While school was out for the summer, Troop 160 kept active with many different trips and service projects. The summer started off with a big bang on July 4 when the troop helped clean up the fireworks that lit up the sky the previous night. At 9 a.m., everyone gathered at Abington Heights Middle School with their rakes and gloves ready to begin working. The scouts gathered anything from water bottles to the wiring or cases that held the explosives.
The troop went on one of their favorite camping trips that everyone looks forward to.
From July 11-19, Troop 160 was one of many troops that attended Summer Camp at Goose Pond Scout Reservation. While the scouts are at camp, they have the opportunities to earn merit badges, which are needed for the different ranks in scouting.
From 2 to 3 p.m., the Scouts are encouraged to attend patrol programming which consists of playing games against the other patrols from either the same or different troops. Some of the games consist of greased watermelon, extreme camouflage, pioneering wars and barrel tag.
During free time, which occurs between 3 to 5 p.m., the Scouts have the opportunity to go to any of the areas they want and participate in activities that are offered. Some of these activities include tomahawk throwing, shooting on the ranges, taking a boat out or swimming, working on projects for merit badges, visiting the animals at the nature lodge, or hanging out while climbing on the 65-foot tall climbing wall.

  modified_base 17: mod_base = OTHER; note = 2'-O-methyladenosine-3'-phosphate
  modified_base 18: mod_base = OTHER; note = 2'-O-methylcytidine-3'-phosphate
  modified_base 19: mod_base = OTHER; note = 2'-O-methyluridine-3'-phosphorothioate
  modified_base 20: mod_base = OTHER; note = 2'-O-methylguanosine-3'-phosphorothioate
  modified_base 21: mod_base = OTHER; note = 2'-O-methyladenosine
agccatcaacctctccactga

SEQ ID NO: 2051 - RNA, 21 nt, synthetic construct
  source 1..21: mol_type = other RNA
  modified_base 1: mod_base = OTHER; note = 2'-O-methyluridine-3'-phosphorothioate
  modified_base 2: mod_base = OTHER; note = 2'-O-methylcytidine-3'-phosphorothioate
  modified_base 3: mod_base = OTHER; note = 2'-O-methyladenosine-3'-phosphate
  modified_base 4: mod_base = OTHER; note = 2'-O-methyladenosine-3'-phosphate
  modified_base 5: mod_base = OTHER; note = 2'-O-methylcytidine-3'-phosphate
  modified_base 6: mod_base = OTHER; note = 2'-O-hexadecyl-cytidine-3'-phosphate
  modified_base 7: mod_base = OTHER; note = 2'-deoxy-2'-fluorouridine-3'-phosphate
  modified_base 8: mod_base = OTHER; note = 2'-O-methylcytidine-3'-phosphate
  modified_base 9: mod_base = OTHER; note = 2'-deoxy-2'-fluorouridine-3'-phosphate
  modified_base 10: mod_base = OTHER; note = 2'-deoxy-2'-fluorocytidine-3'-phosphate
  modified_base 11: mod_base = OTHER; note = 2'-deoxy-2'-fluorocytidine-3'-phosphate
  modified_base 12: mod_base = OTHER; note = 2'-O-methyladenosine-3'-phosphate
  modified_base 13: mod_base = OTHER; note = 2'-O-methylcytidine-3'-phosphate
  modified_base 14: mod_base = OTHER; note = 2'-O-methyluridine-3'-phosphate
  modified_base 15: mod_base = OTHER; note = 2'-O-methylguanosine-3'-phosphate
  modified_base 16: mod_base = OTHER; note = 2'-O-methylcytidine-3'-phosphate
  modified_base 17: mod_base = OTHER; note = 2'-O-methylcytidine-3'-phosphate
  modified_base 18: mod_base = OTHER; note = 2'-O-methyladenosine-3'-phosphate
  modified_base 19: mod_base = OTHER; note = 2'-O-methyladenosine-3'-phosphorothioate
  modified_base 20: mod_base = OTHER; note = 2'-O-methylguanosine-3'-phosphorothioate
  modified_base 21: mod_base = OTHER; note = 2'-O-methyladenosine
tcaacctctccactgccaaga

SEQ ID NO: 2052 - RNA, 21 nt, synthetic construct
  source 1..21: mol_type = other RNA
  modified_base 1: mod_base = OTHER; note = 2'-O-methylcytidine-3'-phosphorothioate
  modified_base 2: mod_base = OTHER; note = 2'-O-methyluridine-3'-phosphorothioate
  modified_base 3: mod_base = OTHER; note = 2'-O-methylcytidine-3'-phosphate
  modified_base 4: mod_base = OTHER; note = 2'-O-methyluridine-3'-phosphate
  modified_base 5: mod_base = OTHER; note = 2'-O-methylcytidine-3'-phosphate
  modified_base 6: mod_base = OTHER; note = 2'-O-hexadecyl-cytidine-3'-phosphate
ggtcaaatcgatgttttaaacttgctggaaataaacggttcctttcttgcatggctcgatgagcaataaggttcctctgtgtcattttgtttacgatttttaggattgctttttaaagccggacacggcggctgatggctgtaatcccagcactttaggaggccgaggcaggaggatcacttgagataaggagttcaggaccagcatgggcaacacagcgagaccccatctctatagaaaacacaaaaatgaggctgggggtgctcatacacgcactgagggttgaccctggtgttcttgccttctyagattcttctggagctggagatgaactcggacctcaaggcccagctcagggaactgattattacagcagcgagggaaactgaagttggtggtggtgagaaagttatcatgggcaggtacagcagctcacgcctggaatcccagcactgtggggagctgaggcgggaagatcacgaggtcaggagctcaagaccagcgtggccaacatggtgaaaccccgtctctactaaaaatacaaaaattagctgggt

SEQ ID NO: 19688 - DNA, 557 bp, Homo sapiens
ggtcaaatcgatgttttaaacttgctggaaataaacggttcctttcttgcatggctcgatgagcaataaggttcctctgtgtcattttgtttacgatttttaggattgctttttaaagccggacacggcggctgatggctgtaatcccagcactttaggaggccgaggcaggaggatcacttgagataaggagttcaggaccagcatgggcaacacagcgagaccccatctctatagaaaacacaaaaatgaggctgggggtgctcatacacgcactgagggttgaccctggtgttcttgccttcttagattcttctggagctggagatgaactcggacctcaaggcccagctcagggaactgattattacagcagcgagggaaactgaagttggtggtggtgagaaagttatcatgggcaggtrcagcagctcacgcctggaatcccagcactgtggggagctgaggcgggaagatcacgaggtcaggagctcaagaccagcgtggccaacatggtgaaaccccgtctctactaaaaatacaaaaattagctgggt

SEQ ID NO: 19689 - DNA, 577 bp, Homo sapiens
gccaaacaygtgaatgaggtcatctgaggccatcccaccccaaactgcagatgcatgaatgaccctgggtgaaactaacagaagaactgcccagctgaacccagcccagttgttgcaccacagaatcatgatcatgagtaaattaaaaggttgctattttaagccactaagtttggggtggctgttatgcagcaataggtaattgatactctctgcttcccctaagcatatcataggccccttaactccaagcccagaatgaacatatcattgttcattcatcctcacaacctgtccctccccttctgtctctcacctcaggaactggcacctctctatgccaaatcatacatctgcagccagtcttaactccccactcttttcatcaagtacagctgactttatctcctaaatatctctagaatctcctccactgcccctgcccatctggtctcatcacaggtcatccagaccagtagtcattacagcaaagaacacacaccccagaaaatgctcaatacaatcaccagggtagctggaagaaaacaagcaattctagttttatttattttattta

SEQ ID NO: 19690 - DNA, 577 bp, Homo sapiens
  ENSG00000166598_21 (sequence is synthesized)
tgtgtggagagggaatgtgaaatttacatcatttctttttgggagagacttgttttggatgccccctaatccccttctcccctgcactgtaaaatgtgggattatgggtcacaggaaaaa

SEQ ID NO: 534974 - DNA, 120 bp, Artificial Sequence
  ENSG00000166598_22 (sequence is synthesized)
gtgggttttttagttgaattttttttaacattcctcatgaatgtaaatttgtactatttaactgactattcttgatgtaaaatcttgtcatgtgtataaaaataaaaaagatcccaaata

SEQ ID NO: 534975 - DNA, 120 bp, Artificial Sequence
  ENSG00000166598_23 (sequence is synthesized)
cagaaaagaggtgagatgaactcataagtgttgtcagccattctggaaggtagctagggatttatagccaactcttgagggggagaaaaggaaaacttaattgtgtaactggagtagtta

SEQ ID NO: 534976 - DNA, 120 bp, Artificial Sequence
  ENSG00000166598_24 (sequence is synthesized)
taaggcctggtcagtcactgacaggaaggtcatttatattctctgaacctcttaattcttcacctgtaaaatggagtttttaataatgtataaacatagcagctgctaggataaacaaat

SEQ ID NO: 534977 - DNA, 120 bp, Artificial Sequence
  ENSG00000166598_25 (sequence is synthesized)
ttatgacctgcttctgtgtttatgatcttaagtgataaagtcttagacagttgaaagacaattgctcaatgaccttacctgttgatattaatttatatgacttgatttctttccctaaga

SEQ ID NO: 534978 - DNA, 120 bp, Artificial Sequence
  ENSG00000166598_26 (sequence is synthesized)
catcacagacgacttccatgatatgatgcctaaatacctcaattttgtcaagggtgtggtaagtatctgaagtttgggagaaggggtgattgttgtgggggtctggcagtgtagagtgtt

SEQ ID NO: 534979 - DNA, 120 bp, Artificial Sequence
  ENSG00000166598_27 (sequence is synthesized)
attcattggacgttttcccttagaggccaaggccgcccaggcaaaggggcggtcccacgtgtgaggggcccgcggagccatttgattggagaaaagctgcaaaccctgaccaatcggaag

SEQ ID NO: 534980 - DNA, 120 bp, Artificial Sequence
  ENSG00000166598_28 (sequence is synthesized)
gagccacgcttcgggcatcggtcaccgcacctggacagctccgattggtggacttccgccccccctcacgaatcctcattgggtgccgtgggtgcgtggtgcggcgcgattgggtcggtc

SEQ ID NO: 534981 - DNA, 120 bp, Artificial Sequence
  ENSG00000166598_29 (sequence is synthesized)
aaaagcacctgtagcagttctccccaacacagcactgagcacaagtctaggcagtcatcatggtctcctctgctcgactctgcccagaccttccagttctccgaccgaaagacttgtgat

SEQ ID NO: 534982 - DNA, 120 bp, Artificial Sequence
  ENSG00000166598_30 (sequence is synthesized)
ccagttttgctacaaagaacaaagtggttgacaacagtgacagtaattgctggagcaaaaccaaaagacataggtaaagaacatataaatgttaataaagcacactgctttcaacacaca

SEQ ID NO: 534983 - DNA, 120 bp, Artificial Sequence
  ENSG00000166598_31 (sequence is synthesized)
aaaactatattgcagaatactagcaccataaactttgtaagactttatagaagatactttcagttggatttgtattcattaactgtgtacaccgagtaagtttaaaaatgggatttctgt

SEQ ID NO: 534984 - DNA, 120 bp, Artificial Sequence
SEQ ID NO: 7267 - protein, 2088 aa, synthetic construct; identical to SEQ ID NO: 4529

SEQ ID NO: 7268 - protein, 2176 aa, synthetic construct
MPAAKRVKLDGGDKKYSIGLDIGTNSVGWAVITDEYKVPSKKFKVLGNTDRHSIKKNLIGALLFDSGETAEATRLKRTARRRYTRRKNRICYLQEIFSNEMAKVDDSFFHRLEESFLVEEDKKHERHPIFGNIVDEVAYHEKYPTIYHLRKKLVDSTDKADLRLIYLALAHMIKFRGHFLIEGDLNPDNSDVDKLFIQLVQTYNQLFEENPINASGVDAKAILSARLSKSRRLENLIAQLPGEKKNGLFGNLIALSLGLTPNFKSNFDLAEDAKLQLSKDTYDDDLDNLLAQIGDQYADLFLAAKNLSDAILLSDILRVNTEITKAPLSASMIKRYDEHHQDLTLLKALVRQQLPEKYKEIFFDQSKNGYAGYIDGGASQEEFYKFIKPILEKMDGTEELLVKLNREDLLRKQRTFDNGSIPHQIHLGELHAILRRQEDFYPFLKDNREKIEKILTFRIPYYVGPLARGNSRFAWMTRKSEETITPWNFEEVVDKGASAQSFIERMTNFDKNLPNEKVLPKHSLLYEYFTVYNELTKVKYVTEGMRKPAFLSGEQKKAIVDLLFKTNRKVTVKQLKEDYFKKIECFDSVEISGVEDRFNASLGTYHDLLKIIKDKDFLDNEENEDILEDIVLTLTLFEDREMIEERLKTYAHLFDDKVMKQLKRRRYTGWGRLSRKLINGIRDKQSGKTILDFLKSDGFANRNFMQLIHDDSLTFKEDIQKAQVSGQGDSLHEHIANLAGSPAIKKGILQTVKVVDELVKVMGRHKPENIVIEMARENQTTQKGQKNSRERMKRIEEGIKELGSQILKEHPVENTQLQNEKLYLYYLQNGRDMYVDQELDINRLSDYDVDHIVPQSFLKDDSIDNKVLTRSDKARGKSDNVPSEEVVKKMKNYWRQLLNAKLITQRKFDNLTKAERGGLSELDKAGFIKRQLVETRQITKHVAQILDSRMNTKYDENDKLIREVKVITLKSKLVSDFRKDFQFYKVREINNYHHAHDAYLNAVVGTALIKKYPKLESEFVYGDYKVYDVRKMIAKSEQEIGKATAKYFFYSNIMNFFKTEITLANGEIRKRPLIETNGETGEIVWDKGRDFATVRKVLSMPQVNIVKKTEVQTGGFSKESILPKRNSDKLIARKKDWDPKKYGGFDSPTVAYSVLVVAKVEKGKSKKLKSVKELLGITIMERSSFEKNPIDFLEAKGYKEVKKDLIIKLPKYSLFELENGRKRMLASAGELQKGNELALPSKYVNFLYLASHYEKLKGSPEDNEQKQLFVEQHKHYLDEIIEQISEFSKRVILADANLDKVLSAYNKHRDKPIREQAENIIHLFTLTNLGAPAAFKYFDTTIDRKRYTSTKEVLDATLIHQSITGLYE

The Scouts that have all the merit badges that are offered can choose to do the voyager program. Some of the treks for these Scouts included hiking to the second tallest falls in Pennsylvania, mountain biking, geocaching and a whitewater canoe trip on the Delaware River. Overall, it is an outstanding outdoor experience.
This August, the troop went on a high adventure, 50-mile canoeing trip in the Adirondacks over five days. The Scouts who attended were, including myself, Frank Melliand, Bob Gerken, Edmond Champlin, Elias Gray, Brandon Kelleher, Caleb Gerken, Logan Finn and Brian Finn. They began the trip on Long Lake to the first campsite, and by the time they arrived the sun was beginning to go down behind the mountains so they had to set up their tents and hang the bear bags quickly.
The bear bags contained anything that was smellable to animals. The next morning, the Scouts paddled about 15 miles across Long Lake and down Racquette River to the next campsite. The next few days, they continued down the river until they came to their portage where they had to carry their gear and canoes around a class 5 waterfall. On their last day, they paddled across Tupper Lake to the landing where their cars were located.